Posts tagged ‘Althea Peregrine’
Experimenting with new processes in color makes for a really fun collection of spring scarves!
Well, my advance copy is here . . . although the book won’t be available until January. It’s called Paper Cuts and it’s a beautiful how-to book with project photos, directions, and patterns for 35 paper cutting projects. Four of them are mine!
Published: January 2010
$17.95 US, $23.50 Canadian
I’m really humbled to be in the company of these designers, ‘cause all of the projects are beautiful and some of them are just incredible. My submissions are relatively simple. Hopefully, they’ll help get beginners started! Here’s a sample page from the book, showing one of the projects I submitted.
I’ve also got lots of Scherenschnitte decorations and ornaments in my Etsy shop if you’re not ready to make your own.
Centerfest is one of the bigger juried shows around North Carolina, and it’s happening this weekend. That’s one of my scarves in the poster below . . . cool, huh? I’ll be in booth E13, so come by and say “hi,” or “hey,” if you’re so inclined.
The talented women of the Wear It Out Market inspire one great outfit after another with their versatility! Pin the chartreuse corsage on the cobalt trenchcoat and add a bright green scarflette for good strong color, then accessorize with a green cuff on one wrist and a green bangle on the other. Pull the whole thing together with a fabulous leather bag, and head out!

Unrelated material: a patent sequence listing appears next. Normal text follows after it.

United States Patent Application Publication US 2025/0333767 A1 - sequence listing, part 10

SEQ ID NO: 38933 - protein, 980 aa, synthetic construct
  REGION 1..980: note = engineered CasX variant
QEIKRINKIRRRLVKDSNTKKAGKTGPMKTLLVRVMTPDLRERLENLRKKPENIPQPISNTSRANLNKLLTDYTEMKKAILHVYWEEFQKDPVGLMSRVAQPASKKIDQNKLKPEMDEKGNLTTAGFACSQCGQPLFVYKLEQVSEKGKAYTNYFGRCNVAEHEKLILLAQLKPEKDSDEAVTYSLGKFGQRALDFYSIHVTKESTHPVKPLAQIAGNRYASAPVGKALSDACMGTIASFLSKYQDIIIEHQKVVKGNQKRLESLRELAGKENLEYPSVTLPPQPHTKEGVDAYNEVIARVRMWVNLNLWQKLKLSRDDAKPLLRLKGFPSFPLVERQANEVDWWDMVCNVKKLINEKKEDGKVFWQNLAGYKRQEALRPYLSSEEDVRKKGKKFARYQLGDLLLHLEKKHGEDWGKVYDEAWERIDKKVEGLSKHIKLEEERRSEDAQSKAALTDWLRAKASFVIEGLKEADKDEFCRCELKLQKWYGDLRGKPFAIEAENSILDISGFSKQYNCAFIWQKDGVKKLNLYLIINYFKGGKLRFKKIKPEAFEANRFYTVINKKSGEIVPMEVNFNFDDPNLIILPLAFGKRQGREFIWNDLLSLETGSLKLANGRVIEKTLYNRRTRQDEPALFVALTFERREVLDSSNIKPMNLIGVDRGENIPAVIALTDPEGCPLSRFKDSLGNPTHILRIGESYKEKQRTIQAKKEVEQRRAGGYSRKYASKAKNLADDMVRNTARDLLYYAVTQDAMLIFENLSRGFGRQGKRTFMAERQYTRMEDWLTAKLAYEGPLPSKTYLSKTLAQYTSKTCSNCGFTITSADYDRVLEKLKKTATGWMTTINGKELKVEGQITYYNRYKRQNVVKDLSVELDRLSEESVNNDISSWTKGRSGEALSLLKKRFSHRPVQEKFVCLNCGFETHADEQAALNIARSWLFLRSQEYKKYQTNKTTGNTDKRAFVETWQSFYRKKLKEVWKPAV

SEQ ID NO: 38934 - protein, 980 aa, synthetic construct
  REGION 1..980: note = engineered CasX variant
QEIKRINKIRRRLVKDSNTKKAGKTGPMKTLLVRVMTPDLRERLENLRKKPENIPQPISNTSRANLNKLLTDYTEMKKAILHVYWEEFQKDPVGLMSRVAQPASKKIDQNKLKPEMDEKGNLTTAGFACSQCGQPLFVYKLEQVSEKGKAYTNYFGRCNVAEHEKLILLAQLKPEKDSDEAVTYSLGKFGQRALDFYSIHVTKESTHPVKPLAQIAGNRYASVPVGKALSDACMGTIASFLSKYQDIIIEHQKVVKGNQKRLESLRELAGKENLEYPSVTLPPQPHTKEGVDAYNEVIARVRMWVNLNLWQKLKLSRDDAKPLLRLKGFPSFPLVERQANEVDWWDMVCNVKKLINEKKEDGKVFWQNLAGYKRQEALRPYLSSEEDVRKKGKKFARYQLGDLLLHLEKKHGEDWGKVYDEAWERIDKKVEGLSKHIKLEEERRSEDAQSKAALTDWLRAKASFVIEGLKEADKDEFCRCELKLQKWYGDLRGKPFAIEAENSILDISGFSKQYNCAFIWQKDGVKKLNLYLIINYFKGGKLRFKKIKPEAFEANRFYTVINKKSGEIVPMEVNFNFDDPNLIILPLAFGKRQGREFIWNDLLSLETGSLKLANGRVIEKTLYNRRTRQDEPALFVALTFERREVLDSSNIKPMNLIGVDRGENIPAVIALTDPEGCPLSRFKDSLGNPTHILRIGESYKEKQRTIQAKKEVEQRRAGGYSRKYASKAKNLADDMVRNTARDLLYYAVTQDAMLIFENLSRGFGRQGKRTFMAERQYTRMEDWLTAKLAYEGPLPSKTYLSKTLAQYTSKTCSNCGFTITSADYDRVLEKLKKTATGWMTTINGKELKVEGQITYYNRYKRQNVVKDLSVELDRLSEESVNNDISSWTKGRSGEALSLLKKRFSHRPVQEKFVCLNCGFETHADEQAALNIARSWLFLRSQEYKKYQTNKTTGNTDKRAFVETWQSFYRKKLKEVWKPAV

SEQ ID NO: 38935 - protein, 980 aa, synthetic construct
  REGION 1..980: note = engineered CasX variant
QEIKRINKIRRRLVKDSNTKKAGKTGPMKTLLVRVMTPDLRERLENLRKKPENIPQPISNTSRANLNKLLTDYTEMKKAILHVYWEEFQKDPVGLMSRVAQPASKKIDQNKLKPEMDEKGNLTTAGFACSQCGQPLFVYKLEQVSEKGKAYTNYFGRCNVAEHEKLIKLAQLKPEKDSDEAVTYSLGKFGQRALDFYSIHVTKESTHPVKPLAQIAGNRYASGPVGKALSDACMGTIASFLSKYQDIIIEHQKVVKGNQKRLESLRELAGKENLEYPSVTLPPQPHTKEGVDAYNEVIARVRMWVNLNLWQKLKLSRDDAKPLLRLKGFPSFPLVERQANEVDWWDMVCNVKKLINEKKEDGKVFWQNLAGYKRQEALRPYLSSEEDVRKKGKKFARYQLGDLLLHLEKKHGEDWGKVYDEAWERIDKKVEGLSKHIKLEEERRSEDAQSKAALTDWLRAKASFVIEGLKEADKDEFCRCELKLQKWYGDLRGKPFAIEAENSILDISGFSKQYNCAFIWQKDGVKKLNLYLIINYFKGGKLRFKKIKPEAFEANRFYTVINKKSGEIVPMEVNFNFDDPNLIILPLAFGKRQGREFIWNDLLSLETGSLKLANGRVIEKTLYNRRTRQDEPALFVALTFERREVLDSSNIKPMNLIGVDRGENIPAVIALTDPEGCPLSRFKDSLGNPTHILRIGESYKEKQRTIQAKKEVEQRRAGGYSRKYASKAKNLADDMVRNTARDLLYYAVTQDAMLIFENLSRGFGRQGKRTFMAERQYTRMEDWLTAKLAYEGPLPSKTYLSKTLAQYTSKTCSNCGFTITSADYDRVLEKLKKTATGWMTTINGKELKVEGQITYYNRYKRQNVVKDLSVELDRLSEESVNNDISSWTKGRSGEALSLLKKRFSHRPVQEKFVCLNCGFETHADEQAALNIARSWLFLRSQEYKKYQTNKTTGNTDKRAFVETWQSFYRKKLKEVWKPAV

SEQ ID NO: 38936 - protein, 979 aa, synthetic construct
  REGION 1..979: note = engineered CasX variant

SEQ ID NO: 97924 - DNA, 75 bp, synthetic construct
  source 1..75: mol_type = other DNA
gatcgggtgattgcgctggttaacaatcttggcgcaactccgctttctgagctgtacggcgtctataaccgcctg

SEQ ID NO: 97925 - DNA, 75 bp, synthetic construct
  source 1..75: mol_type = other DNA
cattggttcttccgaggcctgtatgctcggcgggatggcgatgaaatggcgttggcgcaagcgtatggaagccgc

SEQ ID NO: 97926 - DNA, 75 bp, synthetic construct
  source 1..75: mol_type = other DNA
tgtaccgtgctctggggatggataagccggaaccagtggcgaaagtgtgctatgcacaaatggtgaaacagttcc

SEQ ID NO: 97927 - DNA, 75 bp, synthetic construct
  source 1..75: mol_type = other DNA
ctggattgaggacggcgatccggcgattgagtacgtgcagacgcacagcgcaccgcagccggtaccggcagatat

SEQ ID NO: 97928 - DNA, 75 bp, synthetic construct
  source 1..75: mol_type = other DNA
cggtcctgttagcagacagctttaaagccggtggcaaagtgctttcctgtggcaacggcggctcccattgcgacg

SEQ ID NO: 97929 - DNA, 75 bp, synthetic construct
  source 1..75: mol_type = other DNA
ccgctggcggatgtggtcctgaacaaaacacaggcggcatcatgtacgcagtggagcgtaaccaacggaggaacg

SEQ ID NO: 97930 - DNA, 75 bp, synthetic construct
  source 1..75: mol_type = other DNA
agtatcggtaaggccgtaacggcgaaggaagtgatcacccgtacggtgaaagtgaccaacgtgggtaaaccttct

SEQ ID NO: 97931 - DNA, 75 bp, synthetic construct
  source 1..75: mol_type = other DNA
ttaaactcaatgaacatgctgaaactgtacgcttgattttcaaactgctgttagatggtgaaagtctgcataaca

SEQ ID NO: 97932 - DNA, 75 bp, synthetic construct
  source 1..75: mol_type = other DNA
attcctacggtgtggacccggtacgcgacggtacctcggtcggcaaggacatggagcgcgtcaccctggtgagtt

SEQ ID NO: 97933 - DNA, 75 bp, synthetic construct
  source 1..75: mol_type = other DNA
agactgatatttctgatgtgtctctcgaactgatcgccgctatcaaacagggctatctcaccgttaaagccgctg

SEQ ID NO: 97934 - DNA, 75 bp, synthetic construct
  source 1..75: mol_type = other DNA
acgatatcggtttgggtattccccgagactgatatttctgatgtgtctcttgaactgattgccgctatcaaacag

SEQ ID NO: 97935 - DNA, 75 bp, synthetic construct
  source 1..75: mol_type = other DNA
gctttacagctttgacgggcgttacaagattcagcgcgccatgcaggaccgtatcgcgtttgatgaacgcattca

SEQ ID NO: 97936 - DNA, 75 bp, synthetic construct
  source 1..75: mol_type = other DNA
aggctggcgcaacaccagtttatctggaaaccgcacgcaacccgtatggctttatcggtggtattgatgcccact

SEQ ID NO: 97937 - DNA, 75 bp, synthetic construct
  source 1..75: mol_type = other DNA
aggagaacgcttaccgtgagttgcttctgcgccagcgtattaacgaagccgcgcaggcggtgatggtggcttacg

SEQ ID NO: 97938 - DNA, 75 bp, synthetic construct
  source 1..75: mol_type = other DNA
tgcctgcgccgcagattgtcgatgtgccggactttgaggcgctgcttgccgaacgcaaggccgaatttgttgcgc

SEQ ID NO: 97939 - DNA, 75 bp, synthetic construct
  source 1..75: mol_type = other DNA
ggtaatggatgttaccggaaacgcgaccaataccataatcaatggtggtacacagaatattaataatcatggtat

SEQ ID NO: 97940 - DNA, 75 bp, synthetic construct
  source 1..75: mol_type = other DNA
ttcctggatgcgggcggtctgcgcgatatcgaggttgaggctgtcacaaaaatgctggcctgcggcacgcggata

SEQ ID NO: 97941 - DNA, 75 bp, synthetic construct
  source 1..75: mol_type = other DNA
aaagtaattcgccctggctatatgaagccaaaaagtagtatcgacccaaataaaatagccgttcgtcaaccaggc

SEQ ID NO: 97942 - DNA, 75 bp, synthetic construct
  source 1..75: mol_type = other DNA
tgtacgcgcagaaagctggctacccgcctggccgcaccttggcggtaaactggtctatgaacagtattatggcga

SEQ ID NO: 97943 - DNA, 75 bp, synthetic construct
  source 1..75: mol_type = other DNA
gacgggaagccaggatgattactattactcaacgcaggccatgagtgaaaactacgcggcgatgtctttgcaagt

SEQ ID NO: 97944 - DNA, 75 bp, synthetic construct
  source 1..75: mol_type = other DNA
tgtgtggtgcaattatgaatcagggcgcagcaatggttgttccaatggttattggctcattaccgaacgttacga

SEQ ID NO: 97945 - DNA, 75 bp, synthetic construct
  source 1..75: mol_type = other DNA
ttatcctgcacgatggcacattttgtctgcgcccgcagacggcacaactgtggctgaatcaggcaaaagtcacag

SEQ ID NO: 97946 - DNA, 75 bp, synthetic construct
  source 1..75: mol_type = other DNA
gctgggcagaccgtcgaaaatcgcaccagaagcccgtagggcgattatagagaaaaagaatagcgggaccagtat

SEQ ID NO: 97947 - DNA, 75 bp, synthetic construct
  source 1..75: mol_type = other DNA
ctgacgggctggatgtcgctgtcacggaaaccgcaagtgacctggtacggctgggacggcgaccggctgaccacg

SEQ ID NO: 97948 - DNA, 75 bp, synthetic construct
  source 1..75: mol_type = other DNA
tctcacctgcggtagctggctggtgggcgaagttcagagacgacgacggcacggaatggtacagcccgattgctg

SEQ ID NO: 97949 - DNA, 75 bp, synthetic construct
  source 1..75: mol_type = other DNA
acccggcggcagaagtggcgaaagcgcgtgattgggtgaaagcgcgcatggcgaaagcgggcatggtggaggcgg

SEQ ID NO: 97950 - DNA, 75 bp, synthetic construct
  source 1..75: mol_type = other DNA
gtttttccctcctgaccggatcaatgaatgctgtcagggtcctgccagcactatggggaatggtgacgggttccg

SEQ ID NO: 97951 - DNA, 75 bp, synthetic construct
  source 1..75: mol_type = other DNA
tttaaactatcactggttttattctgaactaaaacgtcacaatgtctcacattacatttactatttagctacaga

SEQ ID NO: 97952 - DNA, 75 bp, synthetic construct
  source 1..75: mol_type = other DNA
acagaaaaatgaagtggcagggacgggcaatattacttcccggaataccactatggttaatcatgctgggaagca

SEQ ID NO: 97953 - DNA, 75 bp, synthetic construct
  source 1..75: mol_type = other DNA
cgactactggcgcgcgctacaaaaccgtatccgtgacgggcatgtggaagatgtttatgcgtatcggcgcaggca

Felted Cobalt Trenchcoat by Vigilante Labs
Feather Light Chartreuse Corsage by Kerreraskye
I Want to Believe Cuff by thebeadedlily
The Artist Satchel, Leaf, by Que Jimenez
Kumah Bangle by thebeadedlily
Patricia Scarflette by UrArtist
You can add depth to fabric with layers of surface design techniques. For this pastel silk crepe scarf, I made a dye paste by mixing professional procion silk dyes with alginate to make the dye a good consistency for silk screening. I cut some simple shapes from craft paper and silk screened them onto the fabric, decided that wasn’t enough, and started to play with stamps. I had some moldable foam (from Dharmatrading.com) that I heated and pressed against screen mesh and dried reeds to make the geometric shapes of the second layer.
Once I steam set those colors into the silk, I painted the thickened dye paste onto some rubber stamps I’d made and scattered leaves across the background. I added a few scattered dots from leaf to leaf with a pencil eraser and voila, a subtle pastel leaf scarf.
You can get more information and see different views of this scarf at my Etsy Shop.
Hmmm, good greens can be hard to find, but this grouping is right on the money!
When I first started working with Marcia-the-Mentor, I was astonished at how much she’d do to a piece of silk before she called it finished. Now she’s got me doing it.
I hated it.
I gave it a warm bath in thiox and as the pink and purple were removed, the scarf became pale orange and beige.
I cut some shapes out of clear contact paper and stuck these to a blank silk screen. Using Procion MX dyes thickened with sodium alginate, I made a dye paste to use on the silkscreen and made three color passes over the entire scarf: one yellow, one orange, one a very greyed-out purple. I just listed this piece at my Etsy shop.
I later used the larger shape on the left of the screen to use the same process on another silk scarf I wasn’t happy with, pictured below and listed at my shop on 1000Markets.
Both of these scarves feel wonderful; I think the hand of the silk softened with each process, although it’s still as strong as ever. As always, they’re colorfast so you can handwash them in the silk with a little Woolite, or by machine on the gentle cycle. Drip dry, then touch up with an iron.